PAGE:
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Hard times have come to real estate agents as well as to their customers. With fewer houses to sell and commissions shrinking due to lower prices, more and more agents are looking for work in other fields or settling for less money.

Housing Crisis Takes Toll on Agents

Hard times have come to real estate agents as well as to their customers. With fewer houses to sell and commissions shrinking due to lower prices, more and more agents are looking for work in other fields or settling for less money.

The number of active real estate licensees in the U.S. fell 7.5 percent last year from 2.0 million in 2008. The number of licensees was 750,000 in 2009, down 14.8 percent from 880,000 in 2008.

According to a new report from the National Association of Realtors, the median income of Realtors fell 17 percent in the past two years, to an average of $35,700 last year. Brokers earned a median of $49,100 in 2009, while sales agents earned $26,600.

Seventy-three percent receive no employment benefits. Only 6 percent receive employer-sponsored health insurance. Yet 60 percent work at least 40 hours per week and 30 percent work 20 to 39 hours per week.

Over the long term, however, the picture for real estate professionals brightens. According to the Bureau of Labor Statistics, employment of real estate brokers and sales agents is expected to grow 14 percent during the 2008-18 decade, faster than average for all occupations. A growing population, particularly young adults who will be forming households in greater numbers, will require the services of real estate agents and brokers to buy their homes. Home sales will be sparked by the continuing desire for people to own their own homes and their perception that real estate will be a good investment over the long run.

However, job growth will be somewhat limited by the increasing use of the Internet, which is improving the productivity of agents and brokers, and transforming the way they do business. For example, prospective customers often can perform their own searches for properties that meet their criteria by accessing real estate information on the Internet.

Projections data from the National Employment Matrix
Occupational Title

SOC Code

Employment, 2008

Projected
Employment, 2018

Change,
2008-18

Detailed Statistics

Number

Percent

Real estate brokers and sales agents

41-9020

517,800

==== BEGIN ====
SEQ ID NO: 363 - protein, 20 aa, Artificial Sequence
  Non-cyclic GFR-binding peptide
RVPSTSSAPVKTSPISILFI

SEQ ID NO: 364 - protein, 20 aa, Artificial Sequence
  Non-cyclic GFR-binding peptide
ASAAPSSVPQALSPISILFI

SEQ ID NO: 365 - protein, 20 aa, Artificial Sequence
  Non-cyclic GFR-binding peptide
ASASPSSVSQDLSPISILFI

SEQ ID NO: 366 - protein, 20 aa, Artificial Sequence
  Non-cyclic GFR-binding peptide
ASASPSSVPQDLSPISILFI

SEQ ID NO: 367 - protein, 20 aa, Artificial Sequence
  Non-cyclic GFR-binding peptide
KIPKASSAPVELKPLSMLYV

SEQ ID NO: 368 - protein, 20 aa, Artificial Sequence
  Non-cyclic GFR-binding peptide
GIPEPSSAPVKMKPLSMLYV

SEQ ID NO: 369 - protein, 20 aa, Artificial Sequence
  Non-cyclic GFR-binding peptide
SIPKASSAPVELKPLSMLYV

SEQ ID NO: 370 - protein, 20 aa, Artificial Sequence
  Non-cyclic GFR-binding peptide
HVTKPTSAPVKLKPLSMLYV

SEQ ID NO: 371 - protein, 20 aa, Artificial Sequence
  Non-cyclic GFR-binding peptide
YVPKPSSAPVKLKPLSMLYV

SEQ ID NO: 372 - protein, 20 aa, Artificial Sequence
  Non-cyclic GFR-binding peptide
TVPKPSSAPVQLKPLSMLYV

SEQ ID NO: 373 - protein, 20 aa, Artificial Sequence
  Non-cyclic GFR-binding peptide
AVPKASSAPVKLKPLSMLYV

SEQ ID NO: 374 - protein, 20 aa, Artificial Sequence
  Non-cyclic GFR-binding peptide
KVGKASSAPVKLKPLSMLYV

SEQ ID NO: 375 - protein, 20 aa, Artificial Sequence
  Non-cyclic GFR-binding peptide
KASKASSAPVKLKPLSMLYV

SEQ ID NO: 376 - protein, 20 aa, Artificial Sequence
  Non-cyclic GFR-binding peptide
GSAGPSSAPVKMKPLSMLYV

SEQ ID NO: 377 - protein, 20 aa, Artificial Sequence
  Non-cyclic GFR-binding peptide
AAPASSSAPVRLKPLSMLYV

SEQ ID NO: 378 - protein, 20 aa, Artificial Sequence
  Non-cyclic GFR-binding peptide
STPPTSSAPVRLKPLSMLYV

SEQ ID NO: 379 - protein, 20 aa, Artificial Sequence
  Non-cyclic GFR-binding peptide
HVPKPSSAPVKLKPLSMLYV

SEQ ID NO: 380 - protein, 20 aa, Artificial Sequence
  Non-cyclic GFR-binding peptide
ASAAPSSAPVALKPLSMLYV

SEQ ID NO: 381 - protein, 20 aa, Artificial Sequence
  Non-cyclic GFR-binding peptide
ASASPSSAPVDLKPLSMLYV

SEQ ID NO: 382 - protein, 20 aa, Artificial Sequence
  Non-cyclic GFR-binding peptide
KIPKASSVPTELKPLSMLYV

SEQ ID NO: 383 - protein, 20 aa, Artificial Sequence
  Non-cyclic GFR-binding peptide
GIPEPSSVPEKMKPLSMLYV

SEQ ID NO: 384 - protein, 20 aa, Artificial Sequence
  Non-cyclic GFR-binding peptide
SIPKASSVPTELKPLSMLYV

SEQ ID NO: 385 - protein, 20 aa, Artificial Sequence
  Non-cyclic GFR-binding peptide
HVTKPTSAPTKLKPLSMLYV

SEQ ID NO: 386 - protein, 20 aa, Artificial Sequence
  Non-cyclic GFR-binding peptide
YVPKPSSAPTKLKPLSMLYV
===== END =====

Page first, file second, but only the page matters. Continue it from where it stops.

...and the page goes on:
592,100

74,300

14

[PDF]

[XLS]

Real estate brokers

41-9021

123,400

134,000

10,600

9

[PDF]

[XLS]

Real estate sales agents

41-9022

394,400

458,200

63,700

16

[PDF]

[XLS]

NOTE: Data in this table are rounded. See the discussion of the employment projections table in the Handbook introductory chapter on Occupational Information Included in the Handbook.

Hard times have come to real estate agents as well as to their customers. With fewer houses to sell and commissions shrinking due to lower prices, more and more agents are looking for work in other fields or settling for less money.

The number of active real estate licensees in the U.S. fell 7.5 percent last year from 2.0 million in 2008. The number of licensees was 750,000 in 2009, down 14.8 percent from 880,000 in 2008.

According to a new report from the National Association of Realtors, the median income of Realtors fell 17 percent in the past two years, to an average of $35,700 last year. Brokers earned a median of $49,100 in 2009, while sales agents earned $26,600.

Seventy-three percent receive no employment benefits. Only 6 percent receive employer-sponsored health insurance. Yet 60 percent work at least 40 hours per week and 30 percent work 20 to 39 hours per week.

Over the long term, however, the picture for real estate professionals brightens. According to the Bureau of Labor Statistics, employment of real estate brokers and sales agents is expected to grow 14 percent during the 2008-18 decade, faster than average for all occupations. A growing population, particularly young adults who will be forming households in greater numbers, will require the services of real estate agents and brokers to buy their homes. Home sales will be sparked by the continuing desire for people to own their own homes and their perception that real estate will be a good investment over the long run.

However, job growth will be somewhat limited by the increasing use of the Internet, which is improving the productivity of agents and brokers, and transforming the way they do business. For example, prospective customers often can perform their own searches for properties that meet their criteria by accessing real estate information on the Internet.

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